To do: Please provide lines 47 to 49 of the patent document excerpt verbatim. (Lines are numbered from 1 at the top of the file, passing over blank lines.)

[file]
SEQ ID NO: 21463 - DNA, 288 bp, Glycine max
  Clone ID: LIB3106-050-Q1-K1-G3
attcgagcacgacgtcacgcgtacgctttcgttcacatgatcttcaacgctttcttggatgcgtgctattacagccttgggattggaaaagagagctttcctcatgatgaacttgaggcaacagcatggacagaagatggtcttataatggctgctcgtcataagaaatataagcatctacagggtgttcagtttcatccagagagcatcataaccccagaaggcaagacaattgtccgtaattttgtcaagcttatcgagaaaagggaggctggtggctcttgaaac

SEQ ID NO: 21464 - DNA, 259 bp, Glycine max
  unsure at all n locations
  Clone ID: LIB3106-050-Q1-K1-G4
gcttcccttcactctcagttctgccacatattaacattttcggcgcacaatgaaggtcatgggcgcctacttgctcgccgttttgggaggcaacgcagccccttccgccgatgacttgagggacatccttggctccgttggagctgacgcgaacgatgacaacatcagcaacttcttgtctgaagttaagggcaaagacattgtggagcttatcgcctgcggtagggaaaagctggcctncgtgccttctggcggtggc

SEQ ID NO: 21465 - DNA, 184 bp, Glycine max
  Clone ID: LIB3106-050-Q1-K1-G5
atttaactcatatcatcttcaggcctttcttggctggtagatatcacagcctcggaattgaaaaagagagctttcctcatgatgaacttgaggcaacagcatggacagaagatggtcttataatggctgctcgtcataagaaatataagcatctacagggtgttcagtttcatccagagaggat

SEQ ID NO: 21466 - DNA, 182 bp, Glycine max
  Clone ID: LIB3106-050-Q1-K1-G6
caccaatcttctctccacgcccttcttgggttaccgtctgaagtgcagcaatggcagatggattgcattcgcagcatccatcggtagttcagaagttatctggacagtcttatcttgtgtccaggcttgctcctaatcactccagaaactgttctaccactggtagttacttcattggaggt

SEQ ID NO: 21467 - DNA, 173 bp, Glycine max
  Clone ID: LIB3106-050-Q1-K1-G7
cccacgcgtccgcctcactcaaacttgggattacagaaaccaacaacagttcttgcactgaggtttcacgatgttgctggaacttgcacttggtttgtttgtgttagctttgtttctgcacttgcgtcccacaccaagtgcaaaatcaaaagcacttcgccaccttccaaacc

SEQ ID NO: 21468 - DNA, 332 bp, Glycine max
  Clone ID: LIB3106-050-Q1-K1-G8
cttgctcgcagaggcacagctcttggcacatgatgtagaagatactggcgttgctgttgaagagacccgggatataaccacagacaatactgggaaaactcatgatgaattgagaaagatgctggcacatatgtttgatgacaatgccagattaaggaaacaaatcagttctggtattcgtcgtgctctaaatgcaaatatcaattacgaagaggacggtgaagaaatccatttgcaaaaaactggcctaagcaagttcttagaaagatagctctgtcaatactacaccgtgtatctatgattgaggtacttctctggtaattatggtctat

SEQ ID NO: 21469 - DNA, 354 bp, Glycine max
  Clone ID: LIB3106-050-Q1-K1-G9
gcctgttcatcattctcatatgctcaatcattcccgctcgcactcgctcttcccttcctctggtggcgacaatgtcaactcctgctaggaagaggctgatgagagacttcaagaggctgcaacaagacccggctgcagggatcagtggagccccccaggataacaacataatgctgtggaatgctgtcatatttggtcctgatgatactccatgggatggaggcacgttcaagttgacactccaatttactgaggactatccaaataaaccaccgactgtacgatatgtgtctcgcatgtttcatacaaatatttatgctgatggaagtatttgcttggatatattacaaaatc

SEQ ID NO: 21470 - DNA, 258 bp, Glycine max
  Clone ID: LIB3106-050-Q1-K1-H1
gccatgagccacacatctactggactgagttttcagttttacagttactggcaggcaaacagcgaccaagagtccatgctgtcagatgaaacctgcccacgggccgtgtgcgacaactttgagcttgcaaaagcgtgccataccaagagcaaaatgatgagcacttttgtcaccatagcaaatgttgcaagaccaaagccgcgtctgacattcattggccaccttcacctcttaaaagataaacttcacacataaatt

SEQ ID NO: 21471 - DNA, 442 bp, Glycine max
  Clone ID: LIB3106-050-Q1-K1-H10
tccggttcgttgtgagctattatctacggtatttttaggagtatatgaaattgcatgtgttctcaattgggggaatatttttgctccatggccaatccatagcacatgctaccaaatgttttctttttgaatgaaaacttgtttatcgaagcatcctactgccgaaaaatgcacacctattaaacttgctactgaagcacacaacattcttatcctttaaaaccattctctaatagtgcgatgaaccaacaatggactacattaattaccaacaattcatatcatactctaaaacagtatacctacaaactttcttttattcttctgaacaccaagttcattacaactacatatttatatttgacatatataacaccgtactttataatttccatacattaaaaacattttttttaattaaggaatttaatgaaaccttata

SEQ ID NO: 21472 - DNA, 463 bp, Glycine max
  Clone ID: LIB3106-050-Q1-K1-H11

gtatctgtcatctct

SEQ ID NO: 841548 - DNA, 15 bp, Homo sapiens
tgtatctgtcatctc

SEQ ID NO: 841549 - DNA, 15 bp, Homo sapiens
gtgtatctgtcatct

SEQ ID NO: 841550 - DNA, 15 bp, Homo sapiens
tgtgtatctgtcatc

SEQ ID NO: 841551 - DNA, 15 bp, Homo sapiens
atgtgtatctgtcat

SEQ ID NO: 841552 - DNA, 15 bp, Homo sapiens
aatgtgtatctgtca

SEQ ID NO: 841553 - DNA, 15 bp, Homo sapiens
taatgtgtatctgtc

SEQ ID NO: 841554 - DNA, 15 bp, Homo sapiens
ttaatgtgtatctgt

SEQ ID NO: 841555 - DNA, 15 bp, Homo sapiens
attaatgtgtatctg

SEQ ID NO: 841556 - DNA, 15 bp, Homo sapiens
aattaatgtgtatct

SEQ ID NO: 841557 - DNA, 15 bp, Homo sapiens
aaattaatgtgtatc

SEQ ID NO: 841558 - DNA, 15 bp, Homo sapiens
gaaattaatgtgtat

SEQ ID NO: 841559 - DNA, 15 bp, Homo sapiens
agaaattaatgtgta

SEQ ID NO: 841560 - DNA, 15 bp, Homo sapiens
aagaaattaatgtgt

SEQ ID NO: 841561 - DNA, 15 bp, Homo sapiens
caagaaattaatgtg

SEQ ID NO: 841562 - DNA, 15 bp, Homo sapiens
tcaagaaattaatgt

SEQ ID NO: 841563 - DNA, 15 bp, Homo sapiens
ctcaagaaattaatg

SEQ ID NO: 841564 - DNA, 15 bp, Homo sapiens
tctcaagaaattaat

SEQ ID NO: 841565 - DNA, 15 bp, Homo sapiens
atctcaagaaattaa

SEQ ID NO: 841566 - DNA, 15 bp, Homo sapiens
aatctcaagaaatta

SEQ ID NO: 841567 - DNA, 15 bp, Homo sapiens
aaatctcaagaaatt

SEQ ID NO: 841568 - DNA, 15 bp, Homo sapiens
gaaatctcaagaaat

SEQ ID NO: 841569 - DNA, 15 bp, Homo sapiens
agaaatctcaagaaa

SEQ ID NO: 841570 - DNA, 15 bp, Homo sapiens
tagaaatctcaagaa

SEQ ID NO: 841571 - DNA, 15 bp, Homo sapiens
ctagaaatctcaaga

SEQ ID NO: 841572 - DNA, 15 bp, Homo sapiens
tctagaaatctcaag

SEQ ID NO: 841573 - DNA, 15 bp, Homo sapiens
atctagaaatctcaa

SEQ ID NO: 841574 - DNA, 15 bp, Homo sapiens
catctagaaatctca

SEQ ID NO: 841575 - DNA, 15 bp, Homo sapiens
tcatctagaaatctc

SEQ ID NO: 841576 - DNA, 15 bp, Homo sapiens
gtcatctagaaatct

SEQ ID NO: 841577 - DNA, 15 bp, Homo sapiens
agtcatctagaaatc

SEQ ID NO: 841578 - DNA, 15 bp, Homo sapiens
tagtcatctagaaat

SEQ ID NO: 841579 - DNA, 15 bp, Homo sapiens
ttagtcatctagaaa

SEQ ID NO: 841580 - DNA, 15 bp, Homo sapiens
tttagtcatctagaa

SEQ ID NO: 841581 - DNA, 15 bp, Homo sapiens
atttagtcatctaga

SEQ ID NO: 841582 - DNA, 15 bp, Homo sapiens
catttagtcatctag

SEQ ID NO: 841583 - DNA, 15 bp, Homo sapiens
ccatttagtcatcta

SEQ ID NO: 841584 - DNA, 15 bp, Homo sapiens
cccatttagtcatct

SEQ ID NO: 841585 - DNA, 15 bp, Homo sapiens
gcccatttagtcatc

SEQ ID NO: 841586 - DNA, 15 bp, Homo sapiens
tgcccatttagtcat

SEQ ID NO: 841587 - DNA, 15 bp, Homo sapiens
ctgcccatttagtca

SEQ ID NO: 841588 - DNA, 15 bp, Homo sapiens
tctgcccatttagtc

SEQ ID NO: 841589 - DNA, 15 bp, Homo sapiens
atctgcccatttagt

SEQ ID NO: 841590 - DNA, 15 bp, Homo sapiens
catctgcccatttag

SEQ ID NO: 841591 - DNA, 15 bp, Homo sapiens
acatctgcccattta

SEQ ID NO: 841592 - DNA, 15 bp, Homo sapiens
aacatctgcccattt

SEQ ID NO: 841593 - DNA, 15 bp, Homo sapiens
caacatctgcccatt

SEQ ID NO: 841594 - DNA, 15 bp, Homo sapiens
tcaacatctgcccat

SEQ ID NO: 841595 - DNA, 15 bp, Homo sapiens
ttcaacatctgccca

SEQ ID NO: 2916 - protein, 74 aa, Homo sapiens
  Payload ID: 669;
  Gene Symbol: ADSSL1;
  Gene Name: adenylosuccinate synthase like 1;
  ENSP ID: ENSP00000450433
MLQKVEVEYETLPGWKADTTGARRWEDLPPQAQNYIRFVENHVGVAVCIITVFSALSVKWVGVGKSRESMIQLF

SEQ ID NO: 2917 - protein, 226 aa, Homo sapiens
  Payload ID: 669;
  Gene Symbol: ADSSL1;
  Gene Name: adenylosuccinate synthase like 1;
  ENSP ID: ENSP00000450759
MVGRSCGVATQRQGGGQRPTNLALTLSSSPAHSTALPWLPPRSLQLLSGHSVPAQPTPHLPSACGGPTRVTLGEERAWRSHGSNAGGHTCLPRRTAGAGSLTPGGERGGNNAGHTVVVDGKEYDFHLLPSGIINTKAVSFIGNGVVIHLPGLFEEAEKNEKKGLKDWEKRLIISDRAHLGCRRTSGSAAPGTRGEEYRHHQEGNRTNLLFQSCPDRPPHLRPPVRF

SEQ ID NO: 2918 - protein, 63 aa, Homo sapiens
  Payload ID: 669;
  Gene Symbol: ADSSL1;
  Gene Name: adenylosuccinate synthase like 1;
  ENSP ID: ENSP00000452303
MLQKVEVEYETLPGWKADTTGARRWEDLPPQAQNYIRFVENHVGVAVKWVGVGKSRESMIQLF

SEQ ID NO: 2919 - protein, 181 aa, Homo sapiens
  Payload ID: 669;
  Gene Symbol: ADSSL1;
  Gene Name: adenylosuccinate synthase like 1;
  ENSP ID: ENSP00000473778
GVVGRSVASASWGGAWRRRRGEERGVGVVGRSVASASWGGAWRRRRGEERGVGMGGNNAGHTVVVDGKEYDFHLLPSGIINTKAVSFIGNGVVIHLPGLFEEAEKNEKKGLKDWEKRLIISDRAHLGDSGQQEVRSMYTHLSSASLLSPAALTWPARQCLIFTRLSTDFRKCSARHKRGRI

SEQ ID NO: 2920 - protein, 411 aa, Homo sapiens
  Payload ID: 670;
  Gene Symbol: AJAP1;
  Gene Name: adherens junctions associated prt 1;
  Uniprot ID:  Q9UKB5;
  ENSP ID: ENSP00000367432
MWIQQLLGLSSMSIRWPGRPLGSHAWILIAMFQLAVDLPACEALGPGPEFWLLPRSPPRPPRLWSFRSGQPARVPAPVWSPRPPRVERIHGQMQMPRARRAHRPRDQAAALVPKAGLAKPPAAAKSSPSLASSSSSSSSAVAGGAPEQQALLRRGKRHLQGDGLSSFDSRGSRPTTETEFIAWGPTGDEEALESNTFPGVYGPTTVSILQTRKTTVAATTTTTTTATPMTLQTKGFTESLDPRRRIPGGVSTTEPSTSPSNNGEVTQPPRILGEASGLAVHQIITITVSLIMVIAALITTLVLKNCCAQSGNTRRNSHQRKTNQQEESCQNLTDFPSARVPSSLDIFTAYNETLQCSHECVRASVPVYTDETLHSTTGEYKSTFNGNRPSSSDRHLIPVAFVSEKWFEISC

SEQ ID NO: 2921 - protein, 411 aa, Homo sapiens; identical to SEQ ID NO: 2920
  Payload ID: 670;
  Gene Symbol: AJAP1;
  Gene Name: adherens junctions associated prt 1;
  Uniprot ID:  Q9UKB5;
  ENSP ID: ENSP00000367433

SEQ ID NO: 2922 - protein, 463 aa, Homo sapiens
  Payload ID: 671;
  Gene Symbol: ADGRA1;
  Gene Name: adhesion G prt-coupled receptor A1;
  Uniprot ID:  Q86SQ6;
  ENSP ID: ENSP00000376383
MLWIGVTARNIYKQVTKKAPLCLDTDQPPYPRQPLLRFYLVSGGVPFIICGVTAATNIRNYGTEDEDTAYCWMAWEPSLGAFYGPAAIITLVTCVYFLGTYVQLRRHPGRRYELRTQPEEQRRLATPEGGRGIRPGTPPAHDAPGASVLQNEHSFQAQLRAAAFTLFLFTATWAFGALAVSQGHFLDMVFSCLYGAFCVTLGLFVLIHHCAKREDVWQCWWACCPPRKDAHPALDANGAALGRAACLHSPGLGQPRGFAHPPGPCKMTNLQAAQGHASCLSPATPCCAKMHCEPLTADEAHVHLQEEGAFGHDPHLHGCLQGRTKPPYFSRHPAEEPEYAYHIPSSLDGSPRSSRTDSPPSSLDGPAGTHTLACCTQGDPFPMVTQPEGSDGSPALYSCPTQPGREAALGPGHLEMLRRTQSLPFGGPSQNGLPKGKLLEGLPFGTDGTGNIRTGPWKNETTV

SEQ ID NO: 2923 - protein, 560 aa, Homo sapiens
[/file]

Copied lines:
attaatgtgtatctg

SEQ ID NO: 841556 - DNA, 15 bp, Homo sapiens
aattaatgtgtatct